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The Chemistry of Weight Loss

Chemistry of Weight Loss

Despite society’s obsession with weight loss, a study found that most health practitioners have little understanding of what happens to fat when we “lose it.”  A team of Australian researchers measured exactly what happens to our fat when we lose weight in 2013 and discovered that doctors’ leading theories are incorrect – we don’t turn our lost mass into heat or energy. We actually exhale it. 

Their findings show that 22 pounds (10 kg) of body fat is broken down into 18.5 pounds (8.4 kg) of carbon dioxide, which is exhaled as we breathe, and 3.5 pounds (1.6 kg) of water, which is excreted by urine, tears, sweat, and other bodily fluids.

 The majority of the mass is exhaled as carbon dioxide. “It vanishes into thin air,” said Ruben Meerman, a physicist and TV host who was the researcher’s  lead author.

Meerman became interested in the biochemistry of weight loss after losing 33 pounds (15 kg) and finding out that no one could tell him where the weight had gone.

After polling 150 doctors, dieticians, and personal trainers, he found that more than half of them believed fat was broken down into heat or energy. Meerman, however, realized as a physicist that this would be in violation of the Law of Conservation of Mass.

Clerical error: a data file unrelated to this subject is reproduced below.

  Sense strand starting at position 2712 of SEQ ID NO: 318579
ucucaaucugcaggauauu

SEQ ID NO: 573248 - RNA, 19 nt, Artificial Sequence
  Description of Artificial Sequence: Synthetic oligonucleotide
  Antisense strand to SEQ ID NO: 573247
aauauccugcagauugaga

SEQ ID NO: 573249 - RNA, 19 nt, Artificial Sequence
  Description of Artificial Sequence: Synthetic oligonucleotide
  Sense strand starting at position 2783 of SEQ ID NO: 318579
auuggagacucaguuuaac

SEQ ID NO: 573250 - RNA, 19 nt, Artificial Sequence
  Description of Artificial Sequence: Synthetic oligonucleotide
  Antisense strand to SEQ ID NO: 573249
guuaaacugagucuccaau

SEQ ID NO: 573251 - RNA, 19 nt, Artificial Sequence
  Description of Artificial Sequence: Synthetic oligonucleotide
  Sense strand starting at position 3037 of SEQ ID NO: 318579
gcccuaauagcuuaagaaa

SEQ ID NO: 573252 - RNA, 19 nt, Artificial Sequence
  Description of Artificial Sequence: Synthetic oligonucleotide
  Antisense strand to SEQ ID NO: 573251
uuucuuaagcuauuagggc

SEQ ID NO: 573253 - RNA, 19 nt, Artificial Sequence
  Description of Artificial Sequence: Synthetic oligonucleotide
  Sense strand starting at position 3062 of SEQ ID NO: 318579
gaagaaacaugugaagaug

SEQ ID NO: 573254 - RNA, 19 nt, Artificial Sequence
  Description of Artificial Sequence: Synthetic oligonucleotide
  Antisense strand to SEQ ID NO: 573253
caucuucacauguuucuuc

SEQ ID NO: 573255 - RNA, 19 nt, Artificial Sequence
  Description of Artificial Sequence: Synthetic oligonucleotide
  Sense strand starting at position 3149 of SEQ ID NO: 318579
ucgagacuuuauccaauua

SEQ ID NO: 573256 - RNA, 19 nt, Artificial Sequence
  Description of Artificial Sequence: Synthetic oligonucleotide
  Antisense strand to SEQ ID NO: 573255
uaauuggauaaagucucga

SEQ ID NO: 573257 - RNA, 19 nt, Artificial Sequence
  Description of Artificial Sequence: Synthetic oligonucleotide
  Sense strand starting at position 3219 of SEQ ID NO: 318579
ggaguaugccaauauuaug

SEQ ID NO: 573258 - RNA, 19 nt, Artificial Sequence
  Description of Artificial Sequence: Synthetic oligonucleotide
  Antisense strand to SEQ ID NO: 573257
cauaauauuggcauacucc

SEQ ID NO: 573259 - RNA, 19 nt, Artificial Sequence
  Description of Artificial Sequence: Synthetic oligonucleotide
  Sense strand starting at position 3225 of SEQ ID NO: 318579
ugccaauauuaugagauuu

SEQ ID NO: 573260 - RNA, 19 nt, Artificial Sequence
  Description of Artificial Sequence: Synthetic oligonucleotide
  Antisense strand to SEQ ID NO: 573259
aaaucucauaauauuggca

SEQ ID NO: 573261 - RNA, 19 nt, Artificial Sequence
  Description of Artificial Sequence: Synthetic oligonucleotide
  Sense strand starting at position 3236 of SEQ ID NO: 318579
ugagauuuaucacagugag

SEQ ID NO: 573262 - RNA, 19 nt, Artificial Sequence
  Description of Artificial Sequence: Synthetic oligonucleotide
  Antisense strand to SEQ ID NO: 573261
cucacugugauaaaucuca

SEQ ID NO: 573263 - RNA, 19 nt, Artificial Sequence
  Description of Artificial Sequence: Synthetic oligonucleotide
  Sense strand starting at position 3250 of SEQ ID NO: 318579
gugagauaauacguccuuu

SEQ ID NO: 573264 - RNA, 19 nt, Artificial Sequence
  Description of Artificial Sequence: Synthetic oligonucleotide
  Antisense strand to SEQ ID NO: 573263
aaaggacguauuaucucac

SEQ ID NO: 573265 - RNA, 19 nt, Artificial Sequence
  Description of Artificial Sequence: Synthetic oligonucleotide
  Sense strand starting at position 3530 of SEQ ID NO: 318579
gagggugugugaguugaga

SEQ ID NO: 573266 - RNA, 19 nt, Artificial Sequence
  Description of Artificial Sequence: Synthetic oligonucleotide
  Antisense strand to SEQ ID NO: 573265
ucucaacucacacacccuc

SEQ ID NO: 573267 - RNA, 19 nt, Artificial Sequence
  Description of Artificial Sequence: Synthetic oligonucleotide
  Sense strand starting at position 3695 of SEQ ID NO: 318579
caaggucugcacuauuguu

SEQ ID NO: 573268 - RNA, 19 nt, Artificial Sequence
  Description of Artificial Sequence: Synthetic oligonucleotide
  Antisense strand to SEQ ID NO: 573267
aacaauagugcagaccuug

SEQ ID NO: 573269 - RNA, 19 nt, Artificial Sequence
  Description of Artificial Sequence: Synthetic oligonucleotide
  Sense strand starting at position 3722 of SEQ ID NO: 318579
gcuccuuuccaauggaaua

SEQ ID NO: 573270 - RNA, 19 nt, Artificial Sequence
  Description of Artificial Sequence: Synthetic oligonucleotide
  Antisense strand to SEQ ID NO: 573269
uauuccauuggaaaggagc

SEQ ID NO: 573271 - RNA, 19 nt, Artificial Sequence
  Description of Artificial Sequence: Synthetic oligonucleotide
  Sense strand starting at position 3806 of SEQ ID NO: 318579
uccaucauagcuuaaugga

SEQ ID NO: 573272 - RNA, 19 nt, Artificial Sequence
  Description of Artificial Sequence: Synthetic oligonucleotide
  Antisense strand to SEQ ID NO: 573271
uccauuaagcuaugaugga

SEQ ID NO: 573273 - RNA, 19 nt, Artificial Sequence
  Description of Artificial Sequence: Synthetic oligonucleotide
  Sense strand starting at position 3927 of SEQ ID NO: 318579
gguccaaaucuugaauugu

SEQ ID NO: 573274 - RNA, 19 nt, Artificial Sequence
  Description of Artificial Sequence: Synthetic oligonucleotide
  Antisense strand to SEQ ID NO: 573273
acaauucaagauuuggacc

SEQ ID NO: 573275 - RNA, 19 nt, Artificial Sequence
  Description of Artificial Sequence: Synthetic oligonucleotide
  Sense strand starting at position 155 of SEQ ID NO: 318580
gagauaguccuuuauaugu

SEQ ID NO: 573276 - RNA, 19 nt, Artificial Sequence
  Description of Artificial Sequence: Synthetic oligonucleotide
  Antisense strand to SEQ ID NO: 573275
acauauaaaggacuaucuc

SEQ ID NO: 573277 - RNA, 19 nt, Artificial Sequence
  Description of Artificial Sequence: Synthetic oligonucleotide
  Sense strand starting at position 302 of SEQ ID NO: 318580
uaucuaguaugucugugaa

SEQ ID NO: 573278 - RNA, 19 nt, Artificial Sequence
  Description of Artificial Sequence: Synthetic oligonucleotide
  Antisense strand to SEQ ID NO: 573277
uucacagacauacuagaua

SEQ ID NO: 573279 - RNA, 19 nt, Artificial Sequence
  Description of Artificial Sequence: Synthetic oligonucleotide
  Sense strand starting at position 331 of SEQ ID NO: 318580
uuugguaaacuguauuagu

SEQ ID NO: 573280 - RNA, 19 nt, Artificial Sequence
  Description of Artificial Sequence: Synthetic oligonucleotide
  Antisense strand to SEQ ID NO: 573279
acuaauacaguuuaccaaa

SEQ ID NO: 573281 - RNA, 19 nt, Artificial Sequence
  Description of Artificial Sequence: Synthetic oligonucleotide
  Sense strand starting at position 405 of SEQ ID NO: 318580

Excess carbohydrates and proteins in our diet are transformed into triglycerides (carbon, hydrogen, and oxygen compounds) and deposited in lipid droplets within fat cells, causing us to gain weight. To lose weight, you must break down triglycerides in order to gain access to their carbon. 

According to the findings, we need to inhale 64 pounds (29 kg) of oxygen to fully break down 22 pounds (10 kg) of human fat (and somewhere along the way, burn 94,000 calories). This reaction yields 62 pounds (28 kilograms) of CO2 and 24 pounds (11 kilograms) of water.

The team writes in the paper, “Our calculations show that the lungs are the main excretory organ for fat.”

They couldn’t figure out what was happening to the fat cells in this reaction, though. After months of study, Meerman discovered a formula from a 1949 paper that solved the problem. It showed that in fat, oxygen atoms are shared 2:1 between carbon and hydrogen (forming carbon dioxide and water). This led them to the conclusion that 84 percent of the atoms in a fat molecule was exhaled as carbon dioxide, with the remaining 16 percent ending up as water.

Unfortunately, breathing deeply is not enough to loose  weight; we must also exercise in order to unlock the carbon and break down the fat.

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